Wellington, Sep 05, 2017: Having a baby may never be the same again as increasingly sophisticated genetic testing is likely to raise thorny ethical issues, a New Zealand study said on Tuesday.
“Pregnant women now face a bewildering world of genetic testing,” said Jeanne Snelling, the lead author of the New Zealand Law Foundation Report.
Genetic testing in the reproductive context is a particularly high-stakes endeavour, Snelling said, adding that it directly affects a woman’s experience of pregnancy, and may contribute to a decision not to transfer an embryo or to terminate an established pregnancy, reports Xinhua news agency.
The study looks at a number of rapidly evolving genetic technologies that a woman may be offered, either during pregnancy or regarding embryos created by IVF (in-vitro fertilization).
A common feature of all of these tests is that they enable an increasing and significant amount of health-related information to be derived, compared with traditional prenatal tests, and all are associated with particular technical, ethical and legal challenges, Snelling said.
“The report considers how this new landscape reignites debates about the implications of new technology for women and how it affects the experience of pregnancy.” (IANS)
Did you know even your mood and attitude during pregnancy can have an effect on the body weight of your children when they grow up? A new study has found that teenagers are less likely to be overweight if their mother or father had a positive attitude during pregnancy.
Negative attitude, or a lack of self-belief in your ability to bring in changes to your lifestyle through your actions, may be associated with unhealthy weight gain in your children during teenage years, suggests the study published in the International Journal of Obesity.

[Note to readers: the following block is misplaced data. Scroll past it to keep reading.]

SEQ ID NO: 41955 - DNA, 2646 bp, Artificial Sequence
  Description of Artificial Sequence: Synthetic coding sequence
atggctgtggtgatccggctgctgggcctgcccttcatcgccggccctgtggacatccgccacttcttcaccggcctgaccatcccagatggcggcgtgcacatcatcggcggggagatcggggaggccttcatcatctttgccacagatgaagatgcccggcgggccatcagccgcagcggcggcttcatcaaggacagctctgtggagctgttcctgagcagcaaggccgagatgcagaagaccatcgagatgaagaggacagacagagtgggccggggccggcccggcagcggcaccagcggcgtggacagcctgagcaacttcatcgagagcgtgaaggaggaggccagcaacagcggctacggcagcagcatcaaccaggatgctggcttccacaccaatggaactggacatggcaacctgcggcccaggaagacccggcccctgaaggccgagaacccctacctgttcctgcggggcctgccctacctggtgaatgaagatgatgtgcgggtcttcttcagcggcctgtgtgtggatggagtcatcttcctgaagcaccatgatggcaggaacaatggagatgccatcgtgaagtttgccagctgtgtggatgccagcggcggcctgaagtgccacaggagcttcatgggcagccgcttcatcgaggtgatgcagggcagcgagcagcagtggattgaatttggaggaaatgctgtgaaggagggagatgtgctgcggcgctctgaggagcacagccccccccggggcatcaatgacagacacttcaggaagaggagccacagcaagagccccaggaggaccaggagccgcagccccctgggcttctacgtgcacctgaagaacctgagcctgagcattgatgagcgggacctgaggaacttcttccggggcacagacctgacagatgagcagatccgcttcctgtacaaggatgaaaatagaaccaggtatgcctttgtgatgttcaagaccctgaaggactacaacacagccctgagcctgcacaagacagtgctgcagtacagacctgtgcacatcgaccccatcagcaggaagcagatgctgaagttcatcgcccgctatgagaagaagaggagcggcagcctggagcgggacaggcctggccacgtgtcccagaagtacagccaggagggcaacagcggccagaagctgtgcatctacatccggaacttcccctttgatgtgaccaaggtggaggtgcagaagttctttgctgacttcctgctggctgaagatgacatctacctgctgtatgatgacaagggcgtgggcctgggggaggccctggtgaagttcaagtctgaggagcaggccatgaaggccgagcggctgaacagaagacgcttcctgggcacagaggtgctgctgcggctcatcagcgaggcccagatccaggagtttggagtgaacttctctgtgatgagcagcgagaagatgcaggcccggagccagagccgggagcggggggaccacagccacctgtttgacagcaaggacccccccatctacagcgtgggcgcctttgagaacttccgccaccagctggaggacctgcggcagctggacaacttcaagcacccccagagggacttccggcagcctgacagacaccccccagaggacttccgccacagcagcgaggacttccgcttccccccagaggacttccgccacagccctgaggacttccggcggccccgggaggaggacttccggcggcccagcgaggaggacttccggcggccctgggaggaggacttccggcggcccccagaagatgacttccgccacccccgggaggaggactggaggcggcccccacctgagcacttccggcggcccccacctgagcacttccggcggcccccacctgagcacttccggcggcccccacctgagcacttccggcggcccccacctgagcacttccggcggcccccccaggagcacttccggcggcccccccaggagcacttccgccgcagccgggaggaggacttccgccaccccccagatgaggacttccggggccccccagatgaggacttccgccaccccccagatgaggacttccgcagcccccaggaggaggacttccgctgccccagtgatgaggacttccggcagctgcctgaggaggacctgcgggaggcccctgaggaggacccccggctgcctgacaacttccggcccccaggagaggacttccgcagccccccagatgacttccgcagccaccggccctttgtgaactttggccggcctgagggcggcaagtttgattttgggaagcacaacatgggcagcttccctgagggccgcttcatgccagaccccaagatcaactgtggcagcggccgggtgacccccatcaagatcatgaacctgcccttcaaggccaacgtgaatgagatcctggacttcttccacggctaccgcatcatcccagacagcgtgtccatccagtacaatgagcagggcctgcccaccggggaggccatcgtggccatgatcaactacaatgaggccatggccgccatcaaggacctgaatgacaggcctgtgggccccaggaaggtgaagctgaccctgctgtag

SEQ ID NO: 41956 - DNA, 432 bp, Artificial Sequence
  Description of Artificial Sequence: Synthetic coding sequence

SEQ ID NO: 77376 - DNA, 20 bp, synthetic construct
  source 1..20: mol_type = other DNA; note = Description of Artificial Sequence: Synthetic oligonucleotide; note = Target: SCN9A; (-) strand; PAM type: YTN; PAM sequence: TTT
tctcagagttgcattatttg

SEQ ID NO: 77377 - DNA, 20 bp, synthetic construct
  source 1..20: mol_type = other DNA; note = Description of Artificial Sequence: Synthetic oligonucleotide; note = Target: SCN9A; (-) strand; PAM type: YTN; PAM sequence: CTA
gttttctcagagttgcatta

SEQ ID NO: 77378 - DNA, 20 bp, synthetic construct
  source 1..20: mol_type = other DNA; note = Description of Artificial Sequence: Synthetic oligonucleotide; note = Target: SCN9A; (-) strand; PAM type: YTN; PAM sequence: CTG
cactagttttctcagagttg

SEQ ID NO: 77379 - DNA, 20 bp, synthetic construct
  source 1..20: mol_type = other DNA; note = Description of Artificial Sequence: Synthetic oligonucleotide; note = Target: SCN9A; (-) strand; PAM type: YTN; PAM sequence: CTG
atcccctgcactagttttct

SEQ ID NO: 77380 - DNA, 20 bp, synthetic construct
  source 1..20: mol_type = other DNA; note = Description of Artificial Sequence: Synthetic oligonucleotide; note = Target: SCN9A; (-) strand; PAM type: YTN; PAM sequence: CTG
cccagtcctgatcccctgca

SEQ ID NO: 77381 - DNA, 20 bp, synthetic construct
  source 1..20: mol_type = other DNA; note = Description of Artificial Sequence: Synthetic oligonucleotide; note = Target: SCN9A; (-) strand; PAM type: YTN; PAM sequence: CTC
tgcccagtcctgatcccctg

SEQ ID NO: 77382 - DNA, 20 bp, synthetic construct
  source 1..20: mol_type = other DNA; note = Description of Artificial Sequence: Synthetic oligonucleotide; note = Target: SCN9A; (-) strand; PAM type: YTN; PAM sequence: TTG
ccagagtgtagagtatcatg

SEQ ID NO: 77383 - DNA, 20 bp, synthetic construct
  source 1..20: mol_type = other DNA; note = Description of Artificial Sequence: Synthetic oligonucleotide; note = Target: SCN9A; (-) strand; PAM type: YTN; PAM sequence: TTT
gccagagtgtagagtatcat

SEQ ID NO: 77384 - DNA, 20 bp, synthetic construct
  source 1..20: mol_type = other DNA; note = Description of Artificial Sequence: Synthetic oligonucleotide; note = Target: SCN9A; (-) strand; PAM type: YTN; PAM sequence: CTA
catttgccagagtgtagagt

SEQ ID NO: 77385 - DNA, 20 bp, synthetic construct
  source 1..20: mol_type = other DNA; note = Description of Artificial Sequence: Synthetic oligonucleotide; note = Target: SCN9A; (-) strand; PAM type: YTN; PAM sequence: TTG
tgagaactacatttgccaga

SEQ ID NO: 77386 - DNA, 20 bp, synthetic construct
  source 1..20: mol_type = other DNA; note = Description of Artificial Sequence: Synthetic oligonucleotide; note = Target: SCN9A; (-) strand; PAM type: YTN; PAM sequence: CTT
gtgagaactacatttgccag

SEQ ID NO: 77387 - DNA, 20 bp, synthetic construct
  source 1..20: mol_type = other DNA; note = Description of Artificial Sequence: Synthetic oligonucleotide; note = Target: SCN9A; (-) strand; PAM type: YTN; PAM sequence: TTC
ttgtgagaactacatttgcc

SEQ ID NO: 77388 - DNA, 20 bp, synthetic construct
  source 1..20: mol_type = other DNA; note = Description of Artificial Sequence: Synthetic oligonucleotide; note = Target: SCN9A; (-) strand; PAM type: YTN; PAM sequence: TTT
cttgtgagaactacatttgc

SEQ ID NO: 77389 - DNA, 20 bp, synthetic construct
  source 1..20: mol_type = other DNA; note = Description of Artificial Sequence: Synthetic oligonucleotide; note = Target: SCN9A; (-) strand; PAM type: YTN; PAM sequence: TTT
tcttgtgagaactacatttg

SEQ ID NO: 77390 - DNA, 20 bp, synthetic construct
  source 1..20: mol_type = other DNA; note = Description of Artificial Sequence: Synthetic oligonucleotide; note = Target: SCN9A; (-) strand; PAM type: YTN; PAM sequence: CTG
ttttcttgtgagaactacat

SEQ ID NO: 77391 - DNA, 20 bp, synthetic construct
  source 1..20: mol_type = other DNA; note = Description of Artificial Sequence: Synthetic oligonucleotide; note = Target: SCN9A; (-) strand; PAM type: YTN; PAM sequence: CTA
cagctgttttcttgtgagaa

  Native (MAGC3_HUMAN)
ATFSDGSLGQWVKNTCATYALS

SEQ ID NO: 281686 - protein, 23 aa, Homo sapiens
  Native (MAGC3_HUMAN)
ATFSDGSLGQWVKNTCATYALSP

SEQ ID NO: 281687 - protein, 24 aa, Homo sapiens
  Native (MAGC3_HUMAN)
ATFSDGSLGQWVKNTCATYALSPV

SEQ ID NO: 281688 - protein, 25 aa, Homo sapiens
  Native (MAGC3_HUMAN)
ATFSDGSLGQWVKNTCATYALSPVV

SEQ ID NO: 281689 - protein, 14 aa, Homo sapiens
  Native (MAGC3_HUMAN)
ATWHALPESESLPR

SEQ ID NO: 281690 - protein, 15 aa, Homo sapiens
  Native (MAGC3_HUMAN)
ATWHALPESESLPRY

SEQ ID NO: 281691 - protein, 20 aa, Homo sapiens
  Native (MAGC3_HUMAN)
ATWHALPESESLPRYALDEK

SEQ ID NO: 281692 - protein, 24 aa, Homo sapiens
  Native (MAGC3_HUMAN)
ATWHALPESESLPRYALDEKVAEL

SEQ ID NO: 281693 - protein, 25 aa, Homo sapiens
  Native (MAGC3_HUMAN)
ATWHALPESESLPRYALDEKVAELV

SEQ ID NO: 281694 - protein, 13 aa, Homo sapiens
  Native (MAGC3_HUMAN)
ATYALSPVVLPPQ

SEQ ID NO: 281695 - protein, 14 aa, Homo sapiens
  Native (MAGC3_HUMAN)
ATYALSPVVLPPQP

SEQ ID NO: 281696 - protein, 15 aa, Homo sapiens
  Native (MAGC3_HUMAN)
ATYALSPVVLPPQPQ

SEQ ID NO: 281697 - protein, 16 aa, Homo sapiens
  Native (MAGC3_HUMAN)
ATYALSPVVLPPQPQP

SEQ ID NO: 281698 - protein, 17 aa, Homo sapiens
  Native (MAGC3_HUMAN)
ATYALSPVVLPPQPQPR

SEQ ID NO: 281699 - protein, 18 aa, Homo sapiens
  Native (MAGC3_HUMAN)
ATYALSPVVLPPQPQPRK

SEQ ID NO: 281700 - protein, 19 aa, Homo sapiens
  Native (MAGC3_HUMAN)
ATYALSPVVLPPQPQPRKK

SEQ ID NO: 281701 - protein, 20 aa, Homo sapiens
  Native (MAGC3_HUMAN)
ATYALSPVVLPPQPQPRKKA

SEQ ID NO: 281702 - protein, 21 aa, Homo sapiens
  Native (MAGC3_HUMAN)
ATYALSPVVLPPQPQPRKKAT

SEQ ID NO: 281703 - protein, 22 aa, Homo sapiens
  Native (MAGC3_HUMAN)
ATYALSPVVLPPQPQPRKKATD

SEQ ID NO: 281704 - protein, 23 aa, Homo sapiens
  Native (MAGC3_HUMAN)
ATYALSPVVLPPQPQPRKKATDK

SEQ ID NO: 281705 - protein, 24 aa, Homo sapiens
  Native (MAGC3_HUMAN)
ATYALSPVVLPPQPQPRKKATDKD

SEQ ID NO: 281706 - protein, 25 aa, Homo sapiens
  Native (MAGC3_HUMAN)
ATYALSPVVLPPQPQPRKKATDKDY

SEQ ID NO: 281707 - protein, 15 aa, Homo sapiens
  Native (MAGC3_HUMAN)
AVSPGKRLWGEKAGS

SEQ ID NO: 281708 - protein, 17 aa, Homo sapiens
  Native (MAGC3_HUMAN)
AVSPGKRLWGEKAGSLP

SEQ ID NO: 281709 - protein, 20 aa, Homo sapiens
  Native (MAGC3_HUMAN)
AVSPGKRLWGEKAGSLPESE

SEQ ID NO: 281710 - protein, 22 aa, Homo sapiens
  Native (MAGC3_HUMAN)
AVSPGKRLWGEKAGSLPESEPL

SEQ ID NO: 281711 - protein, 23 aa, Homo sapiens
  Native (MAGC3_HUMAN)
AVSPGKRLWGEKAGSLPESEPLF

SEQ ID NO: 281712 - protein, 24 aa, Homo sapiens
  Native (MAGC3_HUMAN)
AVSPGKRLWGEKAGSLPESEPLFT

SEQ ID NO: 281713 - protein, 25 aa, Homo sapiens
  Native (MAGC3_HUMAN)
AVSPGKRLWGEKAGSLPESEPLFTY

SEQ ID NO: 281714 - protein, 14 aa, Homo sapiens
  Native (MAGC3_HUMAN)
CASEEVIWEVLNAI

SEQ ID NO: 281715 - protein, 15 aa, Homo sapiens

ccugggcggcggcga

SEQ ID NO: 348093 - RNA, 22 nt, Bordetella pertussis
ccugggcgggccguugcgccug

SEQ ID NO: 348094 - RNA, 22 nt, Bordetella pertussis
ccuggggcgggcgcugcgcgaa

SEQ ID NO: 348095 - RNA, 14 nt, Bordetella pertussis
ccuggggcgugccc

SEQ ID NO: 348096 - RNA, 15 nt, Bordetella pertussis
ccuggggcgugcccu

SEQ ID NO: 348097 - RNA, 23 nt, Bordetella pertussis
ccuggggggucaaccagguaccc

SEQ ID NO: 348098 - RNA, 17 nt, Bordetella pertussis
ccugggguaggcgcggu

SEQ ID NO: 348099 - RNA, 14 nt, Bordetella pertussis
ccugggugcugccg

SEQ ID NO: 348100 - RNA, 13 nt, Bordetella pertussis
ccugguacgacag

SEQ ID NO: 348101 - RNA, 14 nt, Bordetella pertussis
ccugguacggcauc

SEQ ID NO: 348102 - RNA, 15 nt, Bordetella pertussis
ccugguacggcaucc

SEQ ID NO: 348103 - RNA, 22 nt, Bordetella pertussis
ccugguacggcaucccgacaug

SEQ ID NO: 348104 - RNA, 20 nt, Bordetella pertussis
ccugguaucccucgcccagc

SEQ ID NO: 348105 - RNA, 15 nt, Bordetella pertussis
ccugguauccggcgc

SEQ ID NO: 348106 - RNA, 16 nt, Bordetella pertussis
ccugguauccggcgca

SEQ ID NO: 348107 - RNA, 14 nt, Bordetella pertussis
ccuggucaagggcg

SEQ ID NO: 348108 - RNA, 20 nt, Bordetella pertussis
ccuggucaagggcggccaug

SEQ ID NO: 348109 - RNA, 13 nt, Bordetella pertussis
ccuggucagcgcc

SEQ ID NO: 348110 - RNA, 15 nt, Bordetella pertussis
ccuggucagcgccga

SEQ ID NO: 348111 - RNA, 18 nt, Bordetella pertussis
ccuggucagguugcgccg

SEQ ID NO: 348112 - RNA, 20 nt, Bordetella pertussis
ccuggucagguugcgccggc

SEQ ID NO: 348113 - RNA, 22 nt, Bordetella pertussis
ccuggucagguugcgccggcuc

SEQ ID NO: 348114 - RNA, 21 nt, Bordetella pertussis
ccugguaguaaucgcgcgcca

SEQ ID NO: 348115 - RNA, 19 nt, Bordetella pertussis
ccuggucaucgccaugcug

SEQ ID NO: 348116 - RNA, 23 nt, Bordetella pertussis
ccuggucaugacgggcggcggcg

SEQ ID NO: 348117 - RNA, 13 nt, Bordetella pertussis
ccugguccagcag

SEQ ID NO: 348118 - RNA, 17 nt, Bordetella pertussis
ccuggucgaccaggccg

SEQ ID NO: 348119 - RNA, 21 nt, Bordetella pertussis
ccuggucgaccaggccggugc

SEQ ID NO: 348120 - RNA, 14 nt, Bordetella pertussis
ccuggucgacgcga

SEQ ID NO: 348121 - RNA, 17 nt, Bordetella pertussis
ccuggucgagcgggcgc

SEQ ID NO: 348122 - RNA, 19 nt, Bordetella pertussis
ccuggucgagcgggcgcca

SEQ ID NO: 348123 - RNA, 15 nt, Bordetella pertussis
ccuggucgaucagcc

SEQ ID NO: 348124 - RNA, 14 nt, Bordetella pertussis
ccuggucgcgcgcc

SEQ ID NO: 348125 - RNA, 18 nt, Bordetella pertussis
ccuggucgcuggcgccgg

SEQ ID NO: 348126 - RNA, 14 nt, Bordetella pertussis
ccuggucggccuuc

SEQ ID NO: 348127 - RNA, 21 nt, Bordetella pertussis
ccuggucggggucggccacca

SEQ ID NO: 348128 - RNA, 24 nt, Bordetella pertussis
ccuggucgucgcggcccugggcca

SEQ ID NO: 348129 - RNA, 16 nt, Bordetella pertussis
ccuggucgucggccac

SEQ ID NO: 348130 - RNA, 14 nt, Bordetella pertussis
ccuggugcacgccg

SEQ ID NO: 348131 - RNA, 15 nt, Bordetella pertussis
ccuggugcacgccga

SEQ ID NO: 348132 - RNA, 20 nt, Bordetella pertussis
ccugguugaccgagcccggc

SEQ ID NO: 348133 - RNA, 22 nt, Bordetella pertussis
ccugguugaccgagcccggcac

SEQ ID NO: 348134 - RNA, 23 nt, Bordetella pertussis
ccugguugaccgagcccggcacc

“We’ve been able to show that a lack of self-belief in a parent’s ability to influence change by healthy eating, stopping smoking or breast feeding is a contributing factor to their child being overweight by the time they are 15,” said lead study author Jean Golding, Professor at University of Bristol in Britain.
For the study, the researchers analysed responses from 7,000 parents about their personality, mood and attitude during pregnancy.
Similar answers from their children at age of eight and the child’s fat mass measurement up to the age of 17 were also analysed.
The results showed that a mother’s psychological background during pregnancy is a factor associated with teenage weight gain.
The study examined a personality attribute known as the Locus of Control. It is a psychological measure for an individual’s attitudes towards their lifestyle and a belief in being able to change outcomes, such as health, through their own actions.
Someone with an external Locus of Control would feel that there is little point in making an effort as what happens to them is due to luck and circumstance.
The researchers found that teenagers at age 15 had an excess weight of actual fat to the extent of 1.7 kg if their mothers did not think their actions would make a difference and held a laissez-faire attitude.
If their fathers had this attitude the excess weight of fat was 1.49 kg and if the child later thought this way the excess was 1.5 kg, the study said.
“This is important research for health campaigners looking to change behaviours and the next steps should be looking at the differences between parents who managed to change their Locus of Control compared to those who did not change,” Golding added. (IANS)